Belgian Waffle Ride, California – A Racer’s-Eye View of the Race

Fresh from his podium finish at the California edition of the Belgian Waffle Ride, we caught up with Griffin Easter, lead rider for the OpiCure Foundation Gravel Team. Speaking with us virtually from Tucson, Arizona, Griffin gives us an inside-the-bunch view on how the race unfolded, and some of the lessons he’s learnt since swapping road for gravel.

Griffin speaks with us before his 12-hour drive from Tucson to his home in Park City, Utah. Much like his brother, Cullen, Griffin felt the pull of Utah after racing the Tour of Utah and set up home in the mountains of Park City two years ago. Though not a sponsor of the OpiCure Foundation Gravel Team, we can’t help but think the Utah Tourism Board should be cutting the Easter brothers a cheque, as Griffin tells “he fell in love with the race [Tour of Utah], with the mountains and the terrain.” But, unlike his brother, Griffin is fortunate to be able to flock to the warmer climes of Arizona for the winter period.

Griffin Easter takes a turn on front at BWR

Credit – Freddie Jiminex @fjimz10

The Man On The Saddle

Griffin’s cycling background is in road racing. He attended Fort Lewis College, in Durango, Colorado — which is growing a reputation for becoming the finishing school for the US’s cycling elite. Since then, he has ridden and raced across the world, and is still on the roster for the domestic continental road squad, Team Illuminate. However, with the gravel calendar filling up, Griffin doesn’t envision spending much time fighting for position on tarmac this year. The luring siren of gravel is calling.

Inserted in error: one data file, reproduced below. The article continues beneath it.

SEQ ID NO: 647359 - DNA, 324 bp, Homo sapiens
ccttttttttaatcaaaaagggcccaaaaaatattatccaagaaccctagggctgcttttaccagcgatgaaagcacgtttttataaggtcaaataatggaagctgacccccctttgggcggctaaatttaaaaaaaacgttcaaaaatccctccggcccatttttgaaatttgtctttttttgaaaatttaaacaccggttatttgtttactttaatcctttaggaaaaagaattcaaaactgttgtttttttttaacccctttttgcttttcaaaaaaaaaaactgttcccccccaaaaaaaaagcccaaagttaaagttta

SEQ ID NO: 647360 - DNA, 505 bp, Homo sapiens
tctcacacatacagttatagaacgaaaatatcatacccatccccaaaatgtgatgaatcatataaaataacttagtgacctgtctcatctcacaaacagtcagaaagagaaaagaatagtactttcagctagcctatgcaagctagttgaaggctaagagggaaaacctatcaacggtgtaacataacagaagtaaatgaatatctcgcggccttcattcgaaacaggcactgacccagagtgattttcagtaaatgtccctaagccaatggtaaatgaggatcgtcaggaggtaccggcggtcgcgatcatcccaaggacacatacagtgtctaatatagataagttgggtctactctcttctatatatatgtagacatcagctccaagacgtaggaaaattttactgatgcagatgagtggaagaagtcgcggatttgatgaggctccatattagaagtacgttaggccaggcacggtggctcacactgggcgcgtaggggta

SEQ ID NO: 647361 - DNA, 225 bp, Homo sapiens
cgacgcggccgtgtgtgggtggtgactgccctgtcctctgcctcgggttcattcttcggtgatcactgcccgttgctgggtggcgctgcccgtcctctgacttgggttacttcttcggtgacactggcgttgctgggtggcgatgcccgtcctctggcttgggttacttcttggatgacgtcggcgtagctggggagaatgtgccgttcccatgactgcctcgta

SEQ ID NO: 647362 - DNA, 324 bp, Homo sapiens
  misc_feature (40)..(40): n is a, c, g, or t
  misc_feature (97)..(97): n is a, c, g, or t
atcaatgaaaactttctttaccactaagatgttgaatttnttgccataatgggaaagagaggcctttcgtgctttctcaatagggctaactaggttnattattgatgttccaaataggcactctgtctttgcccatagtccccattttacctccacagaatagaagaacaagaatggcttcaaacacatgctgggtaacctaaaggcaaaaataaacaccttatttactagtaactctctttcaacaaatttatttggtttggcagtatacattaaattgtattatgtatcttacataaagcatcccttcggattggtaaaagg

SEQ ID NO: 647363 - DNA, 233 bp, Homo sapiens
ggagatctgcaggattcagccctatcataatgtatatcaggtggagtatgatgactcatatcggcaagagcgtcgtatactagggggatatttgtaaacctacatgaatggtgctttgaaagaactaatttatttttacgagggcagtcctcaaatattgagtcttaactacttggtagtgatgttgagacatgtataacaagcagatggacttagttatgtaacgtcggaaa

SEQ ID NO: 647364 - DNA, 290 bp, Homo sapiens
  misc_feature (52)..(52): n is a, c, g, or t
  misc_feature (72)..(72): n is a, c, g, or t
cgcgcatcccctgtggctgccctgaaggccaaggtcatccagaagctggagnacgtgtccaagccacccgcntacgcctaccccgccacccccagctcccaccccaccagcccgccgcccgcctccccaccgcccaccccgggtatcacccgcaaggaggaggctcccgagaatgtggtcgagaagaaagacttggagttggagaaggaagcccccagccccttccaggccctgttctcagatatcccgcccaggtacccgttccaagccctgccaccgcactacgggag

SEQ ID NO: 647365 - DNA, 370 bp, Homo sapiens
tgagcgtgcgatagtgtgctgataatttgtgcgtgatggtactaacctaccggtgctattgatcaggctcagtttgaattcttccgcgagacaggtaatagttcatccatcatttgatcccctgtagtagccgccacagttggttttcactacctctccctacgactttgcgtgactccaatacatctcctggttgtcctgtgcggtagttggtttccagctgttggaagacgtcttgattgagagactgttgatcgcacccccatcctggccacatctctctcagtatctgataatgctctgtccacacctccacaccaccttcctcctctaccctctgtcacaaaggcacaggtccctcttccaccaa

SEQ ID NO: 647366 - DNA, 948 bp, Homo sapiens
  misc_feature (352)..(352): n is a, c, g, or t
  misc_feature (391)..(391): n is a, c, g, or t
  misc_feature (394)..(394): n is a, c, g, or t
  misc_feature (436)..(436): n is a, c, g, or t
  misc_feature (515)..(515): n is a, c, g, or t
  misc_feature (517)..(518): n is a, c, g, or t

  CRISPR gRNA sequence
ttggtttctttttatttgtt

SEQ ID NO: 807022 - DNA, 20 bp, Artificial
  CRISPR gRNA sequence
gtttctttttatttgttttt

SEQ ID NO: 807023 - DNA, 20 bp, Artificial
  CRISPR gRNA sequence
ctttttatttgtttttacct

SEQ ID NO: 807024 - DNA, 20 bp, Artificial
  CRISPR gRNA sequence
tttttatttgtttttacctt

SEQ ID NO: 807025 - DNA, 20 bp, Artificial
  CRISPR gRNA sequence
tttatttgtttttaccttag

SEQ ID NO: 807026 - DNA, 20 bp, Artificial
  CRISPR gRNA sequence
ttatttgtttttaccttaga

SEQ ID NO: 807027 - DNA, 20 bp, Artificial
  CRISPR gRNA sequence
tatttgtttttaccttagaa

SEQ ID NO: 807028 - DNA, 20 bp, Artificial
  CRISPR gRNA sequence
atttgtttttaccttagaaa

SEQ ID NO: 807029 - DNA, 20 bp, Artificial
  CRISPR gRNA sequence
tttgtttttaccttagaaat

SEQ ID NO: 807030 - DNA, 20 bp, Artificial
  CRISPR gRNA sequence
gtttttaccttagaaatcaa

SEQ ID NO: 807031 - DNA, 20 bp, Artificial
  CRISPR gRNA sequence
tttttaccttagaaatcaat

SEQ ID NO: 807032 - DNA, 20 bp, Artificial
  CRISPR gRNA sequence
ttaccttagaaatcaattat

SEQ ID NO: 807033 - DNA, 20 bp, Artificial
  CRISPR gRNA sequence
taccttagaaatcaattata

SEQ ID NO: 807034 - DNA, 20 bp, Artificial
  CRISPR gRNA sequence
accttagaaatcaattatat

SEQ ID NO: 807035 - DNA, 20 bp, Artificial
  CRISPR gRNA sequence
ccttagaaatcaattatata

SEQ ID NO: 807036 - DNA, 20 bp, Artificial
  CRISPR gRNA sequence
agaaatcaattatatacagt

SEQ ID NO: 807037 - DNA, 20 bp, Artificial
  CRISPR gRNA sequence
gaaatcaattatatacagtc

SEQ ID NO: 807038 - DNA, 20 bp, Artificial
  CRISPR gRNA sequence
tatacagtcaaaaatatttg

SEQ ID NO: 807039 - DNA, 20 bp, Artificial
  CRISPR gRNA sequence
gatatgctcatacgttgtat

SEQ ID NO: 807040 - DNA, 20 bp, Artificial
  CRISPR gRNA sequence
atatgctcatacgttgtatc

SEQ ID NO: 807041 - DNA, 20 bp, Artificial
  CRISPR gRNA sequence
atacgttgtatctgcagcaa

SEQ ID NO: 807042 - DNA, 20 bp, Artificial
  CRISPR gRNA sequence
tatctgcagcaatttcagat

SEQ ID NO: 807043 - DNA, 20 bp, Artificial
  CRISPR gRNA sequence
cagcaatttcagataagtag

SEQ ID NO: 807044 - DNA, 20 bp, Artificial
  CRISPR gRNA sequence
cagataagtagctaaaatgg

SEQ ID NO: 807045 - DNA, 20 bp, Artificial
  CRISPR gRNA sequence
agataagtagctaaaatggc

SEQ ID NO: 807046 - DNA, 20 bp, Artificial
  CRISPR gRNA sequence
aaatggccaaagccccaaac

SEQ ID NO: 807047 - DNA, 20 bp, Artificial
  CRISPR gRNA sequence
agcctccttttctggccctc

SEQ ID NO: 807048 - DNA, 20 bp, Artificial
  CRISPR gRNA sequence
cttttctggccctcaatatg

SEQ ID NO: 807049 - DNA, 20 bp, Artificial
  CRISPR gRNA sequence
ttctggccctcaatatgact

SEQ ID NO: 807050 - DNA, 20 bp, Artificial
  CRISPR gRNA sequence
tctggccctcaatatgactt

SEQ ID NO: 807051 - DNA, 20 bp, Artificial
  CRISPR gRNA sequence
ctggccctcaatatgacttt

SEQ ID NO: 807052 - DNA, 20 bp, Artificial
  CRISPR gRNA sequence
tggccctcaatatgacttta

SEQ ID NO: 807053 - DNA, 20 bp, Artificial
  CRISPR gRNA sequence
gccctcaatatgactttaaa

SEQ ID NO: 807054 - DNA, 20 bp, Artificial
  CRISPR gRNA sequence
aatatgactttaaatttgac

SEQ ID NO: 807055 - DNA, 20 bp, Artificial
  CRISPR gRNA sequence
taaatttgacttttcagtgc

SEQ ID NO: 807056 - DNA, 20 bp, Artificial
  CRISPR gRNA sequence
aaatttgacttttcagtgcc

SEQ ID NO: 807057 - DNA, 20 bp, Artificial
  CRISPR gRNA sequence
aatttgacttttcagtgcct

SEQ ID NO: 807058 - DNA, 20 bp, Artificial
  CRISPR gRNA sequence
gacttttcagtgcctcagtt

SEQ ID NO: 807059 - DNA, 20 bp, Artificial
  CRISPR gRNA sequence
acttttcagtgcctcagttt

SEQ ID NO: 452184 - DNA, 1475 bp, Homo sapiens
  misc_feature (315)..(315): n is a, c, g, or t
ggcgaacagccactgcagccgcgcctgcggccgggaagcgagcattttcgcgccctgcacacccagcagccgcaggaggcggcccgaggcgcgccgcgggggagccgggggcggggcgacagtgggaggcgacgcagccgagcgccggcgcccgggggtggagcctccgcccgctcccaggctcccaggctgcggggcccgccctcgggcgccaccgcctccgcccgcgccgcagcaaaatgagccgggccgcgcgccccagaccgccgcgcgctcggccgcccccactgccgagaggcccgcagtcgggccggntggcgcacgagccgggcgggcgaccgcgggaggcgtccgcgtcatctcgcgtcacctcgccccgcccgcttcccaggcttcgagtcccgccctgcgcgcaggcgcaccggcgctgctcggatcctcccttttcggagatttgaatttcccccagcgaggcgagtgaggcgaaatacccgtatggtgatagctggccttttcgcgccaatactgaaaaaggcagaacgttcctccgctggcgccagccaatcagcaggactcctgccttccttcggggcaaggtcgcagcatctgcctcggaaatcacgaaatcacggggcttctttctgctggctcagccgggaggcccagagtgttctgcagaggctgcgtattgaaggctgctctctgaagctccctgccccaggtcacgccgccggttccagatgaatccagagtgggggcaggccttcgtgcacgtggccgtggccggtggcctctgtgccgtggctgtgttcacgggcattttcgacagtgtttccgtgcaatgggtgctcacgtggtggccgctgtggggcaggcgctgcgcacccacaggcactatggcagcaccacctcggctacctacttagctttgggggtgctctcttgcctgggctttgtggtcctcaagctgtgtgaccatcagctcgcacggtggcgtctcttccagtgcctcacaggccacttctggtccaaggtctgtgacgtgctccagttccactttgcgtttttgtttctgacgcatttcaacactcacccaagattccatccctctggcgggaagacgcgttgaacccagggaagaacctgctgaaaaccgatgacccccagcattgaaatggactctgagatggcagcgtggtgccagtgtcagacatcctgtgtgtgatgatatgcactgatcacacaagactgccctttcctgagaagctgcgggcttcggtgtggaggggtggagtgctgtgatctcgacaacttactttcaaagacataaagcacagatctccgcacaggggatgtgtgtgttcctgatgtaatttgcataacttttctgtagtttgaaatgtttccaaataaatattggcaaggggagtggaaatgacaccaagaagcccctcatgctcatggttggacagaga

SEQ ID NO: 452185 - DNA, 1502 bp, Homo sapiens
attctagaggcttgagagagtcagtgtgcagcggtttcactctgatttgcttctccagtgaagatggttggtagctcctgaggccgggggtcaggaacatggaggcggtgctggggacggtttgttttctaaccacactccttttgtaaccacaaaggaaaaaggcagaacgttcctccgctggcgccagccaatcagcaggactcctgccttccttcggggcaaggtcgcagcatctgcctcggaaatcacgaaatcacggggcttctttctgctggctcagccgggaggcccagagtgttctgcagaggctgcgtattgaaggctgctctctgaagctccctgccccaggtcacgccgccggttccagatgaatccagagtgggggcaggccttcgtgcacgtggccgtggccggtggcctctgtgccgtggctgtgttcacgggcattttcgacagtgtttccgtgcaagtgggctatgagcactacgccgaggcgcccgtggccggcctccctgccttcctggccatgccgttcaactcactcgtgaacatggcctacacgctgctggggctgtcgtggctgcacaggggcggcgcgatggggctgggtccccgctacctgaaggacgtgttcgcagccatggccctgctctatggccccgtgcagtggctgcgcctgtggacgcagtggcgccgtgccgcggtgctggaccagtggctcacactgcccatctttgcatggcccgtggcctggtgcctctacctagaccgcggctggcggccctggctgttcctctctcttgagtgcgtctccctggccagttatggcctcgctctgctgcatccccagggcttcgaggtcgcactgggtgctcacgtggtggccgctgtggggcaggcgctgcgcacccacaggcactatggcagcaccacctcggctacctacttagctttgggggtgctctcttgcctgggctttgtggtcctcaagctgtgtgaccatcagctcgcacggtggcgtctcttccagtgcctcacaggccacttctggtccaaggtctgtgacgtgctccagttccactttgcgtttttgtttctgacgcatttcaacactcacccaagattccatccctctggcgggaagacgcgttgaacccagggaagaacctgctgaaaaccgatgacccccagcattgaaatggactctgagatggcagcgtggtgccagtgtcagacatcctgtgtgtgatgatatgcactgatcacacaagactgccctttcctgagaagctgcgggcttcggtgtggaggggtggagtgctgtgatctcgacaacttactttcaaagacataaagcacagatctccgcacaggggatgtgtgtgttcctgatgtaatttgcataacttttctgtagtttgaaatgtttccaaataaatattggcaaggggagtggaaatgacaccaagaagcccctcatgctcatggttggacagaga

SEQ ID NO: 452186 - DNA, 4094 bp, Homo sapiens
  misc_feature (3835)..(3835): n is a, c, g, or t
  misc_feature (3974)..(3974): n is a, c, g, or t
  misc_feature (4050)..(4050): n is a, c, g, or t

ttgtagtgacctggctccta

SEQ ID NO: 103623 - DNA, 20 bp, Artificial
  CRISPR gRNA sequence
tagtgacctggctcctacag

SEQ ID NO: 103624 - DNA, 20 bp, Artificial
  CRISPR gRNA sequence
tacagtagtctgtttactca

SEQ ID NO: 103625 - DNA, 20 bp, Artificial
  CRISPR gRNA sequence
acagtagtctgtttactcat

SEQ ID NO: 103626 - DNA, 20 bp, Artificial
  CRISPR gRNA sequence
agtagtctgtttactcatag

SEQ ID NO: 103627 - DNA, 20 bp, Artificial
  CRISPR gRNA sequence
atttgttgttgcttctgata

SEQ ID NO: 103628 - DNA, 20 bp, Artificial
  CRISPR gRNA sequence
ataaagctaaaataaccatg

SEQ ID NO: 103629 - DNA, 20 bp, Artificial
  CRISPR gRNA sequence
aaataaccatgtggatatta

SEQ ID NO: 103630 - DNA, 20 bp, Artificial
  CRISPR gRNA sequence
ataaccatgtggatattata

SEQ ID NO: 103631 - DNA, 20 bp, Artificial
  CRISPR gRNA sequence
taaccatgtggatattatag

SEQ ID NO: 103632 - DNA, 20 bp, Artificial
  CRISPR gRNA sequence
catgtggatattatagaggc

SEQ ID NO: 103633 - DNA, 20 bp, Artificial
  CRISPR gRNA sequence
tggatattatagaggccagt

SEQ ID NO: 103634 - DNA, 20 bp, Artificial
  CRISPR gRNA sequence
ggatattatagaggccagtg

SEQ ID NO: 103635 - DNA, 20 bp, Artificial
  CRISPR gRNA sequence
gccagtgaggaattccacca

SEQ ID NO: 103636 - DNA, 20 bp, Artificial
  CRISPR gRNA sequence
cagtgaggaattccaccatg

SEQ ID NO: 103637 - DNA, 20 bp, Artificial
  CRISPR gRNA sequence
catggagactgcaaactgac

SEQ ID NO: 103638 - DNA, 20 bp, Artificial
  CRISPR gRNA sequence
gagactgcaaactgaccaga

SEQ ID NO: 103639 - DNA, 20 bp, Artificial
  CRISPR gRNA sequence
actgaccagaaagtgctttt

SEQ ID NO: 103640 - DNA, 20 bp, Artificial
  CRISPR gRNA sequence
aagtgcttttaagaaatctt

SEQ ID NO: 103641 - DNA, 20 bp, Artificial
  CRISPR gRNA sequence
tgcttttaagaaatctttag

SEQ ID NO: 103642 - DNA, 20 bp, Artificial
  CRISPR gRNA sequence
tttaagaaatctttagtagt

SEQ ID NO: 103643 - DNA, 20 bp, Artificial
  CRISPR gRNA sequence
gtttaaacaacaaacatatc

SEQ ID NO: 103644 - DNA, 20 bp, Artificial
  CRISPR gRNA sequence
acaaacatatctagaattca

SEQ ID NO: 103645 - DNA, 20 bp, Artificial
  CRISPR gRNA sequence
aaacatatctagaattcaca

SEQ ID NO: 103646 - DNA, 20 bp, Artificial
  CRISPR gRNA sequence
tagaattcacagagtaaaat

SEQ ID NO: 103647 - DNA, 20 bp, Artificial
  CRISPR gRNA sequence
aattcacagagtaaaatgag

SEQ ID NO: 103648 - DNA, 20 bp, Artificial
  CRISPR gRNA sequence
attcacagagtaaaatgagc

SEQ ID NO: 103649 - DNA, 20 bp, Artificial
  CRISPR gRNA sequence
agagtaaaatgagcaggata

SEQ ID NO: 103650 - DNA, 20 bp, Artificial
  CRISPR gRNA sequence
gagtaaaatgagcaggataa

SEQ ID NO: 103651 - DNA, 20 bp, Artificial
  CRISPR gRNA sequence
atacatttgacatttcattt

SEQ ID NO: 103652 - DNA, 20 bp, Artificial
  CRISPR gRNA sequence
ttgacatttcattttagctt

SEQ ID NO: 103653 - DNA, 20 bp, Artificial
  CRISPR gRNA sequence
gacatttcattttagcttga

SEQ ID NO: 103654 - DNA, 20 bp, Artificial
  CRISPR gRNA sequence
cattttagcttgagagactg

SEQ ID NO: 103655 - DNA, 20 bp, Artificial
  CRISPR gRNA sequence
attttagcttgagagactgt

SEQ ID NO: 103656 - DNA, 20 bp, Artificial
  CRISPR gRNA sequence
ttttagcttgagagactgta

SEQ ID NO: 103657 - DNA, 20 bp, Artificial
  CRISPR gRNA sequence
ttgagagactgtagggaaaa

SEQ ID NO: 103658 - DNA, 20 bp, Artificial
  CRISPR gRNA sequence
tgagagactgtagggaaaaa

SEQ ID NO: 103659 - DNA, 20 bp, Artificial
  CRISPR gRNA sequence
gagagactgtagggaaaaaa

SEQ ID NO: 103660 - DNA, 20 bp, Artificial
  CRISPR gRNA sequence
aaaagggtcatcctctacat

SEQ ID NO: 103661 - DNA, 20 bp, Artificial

Griffin Easter solo at BWR

Image Credit – Walker Hague @thomaswalkerhague

BWR Build Up

As a key partner of the Belgian Waffle Ride, naturally the opening race of the series was a key target for Griffin.  That being said, for your typical pro cyclist, Griffin spends his offseason in a relatively relaxed and unconventional fashion.  Alongside friend and fellow pro, Sofia Gomez, Griffin dons an apron and gets to work as a chocolatier, working for a Utah-based boutique purveyor of chocolate. It sounds like an enviable position to be in, and one we might need to be torn away from come the end of the offseason, but for Griffin the decision is easy, as he says “I love the chocolate, but I like riding my bike more.” For us, it’s less clear cut.

Since arriving in Tucson in early January, Griffin’s training has been all about building up to the opening BWR event. Occasionally, at PBK, we’re harshly reminded that there are many reasons we wouldn’t make it as a professional cyclist. Today’s lesson comes in the form of learning, not just that Griffin “in a big week [will] aim for about 500 miles”, but “in a lesser week it’s about 400 [miles]”. Yes, that’s right, four-hundred miles in a lesser week or as Griffin initially calls that a “rest week”. OK.